A barge called Lothlorien

Holiday or daily living, canal barges offer accommodation ‘off the grid’. A friend of ours had one for about five years while he was living on his own. It was an old wooden boat, about seventy two foot long, and had a massive lifeboat engine powering it that was started with a huge starting handle like on an old car! It took many turns of the handle to fire up the engine.

His barge was a wooden Hull, so every year he took it into dry dock to recaulk the gaps between the wooden boards. If he didn’t the boats planks would let in water. It was lovely in the summer, but cold and damp in the winter, especially on foggy days.

The photo of a metal hulled boat was taken today on the Trent and Mersey canal.

Before covid?

You could go to a beach and find someone just painting stones as a job (Lulworth Cove in Dorset). A respectable way of earning some money as an artist. Sitting in the sunshine, working on imaginative designs. We bought one with a blue octopus painted on it. The stones were probably collected off the shingle beach (yes I’m writing about different shingles). I would love to go back there but I doubt this artist would still be plying his trade. Yes the world has changed.

Jubilee time

Jubilation and celebrations continue throughout the land. Not everyone is a royalist, but I think 70 as head of state is quite important. I don’t have any bunting or flags up. I do think that some of the money given to the crown should be used to support the poorest in society. Trickle down, the idea that giving to the rich let’s money get down to the poorest doesn’t work. People with money put extra money in the bank. People with no money will spend any extra, probably locally because they can’t afford to go anywhere else.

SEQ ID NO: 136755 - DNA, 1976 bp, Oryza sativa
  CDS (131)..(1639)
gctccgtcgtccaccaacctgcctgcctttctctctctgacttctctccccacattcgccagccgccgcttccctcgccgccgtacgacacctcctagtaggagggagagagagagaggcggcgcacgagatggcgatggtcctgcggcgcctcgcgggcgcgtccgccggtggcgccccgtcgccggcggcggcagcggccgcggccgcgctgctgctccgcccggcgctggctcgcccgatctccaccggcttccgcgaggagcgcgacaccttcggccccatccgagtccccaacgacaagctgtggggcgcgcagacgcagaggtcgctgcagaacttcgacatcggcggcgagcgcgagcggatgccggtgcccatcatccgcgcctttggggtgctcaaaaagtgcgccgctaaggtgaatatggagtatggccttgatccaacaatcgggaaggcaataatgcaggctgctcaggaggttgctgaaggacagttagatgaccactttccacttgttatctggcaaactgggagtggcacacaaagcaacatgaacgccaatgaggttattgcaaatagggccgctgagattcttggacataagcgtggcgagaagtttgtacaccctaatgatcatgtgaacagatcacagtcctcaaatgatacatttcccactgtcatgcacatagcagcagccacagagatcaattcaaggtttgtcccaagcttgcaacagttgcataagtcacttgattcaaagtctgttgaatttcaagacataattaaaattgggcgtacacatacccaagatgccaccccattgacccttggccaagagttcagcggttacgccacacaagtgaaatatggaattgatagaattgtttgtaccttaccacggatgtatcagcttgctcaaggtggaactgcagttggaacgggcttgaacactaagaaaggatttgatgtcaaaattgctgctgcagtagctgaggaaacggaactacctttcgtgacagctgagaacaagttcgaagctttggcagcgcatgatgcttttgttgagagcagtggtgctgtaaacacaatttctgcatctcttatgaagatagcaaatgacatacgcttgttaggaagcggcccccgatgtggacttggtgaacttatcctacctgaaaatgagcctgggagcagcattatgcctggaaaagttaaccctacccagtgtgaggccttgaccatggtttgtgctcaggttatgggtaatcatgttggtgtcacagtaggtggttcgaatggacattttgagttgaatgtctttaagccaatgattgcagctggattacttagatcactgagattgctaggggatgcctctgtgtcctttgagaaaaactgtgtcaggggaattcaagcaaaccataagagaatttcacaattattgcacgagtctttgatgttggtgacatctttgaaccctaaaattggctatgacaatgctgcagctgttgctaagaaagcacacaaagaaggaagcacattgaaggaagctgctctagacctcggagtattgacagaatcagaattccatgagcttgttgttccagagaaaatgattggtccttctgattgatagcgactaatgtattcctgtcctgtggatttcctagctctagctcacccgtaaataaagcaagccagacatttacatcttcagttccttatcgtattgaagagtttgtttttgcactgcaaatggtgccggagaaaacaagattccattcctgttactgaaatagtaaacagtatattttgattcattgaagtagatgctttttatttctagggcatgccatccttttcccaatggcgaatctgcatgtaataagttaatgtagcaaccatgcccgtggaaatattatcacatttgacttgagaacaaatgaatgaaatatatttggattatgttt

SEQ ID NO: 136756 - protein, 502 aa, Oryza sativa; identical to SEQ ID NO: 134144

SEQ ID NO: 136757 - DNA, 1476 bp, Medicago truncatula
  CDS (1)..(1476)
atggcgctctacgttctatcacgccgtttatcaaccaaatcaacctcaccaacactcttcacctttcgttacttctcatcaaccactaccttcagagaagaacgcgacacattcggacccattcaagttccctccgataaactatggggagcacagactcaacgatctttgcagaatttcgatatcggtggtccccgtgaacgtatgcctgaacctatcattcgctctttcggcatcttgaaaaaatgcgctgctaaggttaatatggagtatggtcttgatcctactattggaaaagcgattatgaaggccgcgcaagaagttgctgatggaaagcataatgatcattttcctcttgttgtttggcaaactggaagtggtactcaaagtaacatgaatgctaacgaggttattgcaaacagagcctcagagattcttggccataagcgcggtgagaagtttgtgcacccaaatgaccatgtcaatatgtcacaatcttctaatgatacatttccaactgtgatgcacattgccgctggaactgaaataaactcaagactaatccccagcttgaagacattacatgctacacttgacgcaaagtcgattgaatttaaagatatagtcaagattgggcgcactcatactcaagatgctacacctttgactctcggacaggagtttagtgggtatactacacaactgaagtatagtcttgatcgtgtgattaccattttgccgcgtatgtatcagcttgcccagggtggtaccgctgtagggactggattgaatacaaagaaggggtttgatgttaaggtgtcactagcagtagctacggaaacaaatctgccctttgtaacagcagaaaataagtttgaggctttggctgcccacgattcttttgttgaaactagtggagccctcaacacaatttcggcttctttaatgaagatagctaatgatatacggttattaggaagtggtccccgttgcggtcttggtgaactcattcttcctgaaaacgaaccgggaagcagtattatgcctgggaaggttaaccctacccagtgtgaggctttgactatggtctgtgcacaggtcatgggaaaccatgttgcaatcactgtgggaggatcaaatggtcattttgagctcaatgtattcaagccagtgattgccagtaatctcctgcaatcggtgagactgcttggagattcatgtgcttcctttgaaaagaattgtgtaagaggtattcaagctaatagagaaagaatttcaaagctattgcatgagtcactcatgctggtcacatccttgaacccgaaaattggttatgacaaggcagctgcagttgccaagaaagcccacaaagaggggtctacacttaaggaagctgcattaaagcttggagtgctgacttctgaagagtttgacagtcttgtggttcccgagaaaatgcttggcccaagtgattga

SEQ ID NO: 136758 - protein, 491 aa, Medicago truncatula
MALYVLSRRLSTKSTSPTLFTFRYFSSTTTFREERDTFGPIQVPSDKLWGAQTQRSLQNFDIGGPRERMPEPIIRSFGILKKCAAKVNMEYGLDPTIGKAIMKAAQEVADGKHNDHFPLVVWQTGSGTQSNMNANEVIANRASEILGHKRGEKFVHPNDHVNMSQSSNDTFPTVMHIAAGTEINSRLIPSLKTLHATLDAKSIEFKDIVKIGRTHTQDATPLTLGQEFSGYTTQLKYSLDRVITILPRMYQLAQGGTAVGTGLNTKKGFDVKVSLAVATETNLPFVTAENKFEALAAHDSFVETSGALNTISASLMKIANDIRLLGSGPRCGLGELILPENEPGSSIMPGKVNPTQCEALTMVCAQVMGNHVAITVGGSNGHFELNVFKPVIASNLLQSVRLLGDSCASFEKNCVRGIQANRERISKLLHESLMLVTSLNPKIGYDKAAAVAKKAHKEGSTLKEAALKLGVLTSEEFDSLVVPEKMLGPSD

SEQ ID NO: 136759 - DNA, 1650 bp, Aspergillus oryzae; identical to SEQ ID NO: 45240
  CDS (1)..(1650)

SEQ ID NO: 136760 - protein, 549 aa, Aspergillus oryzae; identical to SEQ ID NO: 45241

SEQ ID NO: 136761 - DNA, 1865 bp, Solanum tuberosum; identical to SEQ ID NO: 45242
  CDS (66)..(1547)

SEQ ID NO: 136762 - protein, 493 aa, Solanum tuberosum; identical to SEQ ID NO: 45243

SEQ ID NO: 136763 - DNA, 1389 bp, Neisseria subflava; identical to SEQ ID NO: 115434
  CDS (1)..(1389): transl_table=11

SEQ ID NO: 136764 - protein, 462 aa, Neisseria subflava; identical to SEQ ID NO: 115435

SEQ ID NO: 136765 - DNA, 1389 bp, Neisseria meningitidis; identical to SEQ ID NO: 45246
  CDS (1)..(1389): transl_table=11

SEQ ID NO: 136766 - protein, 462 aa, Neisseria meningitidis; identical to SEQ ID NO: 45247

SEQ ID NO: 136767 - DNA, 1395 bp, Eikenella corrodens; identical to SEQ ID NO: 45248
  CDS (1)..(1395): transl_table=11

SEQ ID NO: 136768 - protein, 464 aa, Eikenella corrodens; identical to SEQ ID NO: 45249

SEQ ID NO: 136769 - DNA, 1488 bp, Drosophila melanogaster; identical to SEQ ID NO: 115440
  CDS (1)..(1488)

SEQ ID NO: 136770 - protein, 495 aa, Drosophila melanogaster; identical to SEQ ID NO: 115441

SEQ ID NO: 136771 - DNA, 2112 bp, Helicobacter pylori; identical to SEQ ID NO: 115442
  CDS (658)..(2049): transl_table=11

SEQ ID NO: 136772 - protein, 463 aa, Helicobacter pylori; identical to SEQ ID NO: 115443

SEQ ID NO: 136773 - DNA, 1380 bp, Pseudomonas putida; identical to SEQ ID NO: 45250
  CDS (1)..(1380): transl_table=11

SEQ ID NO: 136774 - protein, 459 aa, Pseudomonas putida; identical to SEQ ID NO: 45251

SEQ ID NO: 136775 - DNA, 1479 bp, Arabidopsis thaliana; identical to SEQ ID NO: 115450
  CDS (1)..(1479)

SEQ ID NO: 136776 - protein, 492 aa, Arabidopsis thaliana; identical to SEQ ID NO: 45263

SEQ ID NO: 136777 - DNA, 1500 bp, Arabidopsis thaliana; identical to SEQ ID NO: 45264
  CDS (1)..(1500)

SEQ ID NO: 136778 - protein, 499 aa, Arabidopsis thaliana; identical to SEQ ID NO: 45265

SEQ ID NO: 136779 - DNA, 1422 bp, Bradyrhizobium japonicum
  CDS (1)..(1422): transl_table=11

So congratulations ma’am, enjoy your celebration. But please government, try and be a bit kinder to the poorest in society, don’t keep overlooking them.

At Lulworth Cove

Seven years ago, the sun was shining, we were on holiday near Weymouth and visited Lulworth Cove on the Dorset coast. We met a brilliant artist called Chris. He was painting shells and stones. We bought a stone with an octopus painted on it. The cove itself is circular with a gap in it that allows the sea in. If you catch a boat ride along the coast to the west you can see Durdle door, an archway of rocky cliff extending out into the sea. We had a lovely day.

Memory of devon

I once swam with a wild dolphin, we’d been driving round Devon and came back to the seaside to find a crowd of people on the beach and a group in wetsuits about fifty yards out. They were all excited and we saw a pod of dolphins swimming away. But one stayed in the bay. I decided I would swim out a bit and got in the sea fully clothed minus my shoes and glasses. My hubby stayed on the beach. The dolphin swam backwards and forwards between the two groups of people. Because I was in the middle he ket swimming close to me. It was fascinating. He kept coming past me and I noticed large wounds on his sides. It was after half an hour of being near him that I saw he was male! I can only say that it was quite alarming and not at all spiritual!. The next day there was a sign up about him at the camp site. He was called Georges and he was an adolescent male. His scars were because he would get too close to boat propelers. It also said not to breathe near them as they can transmit airborne diseases from their blowholes.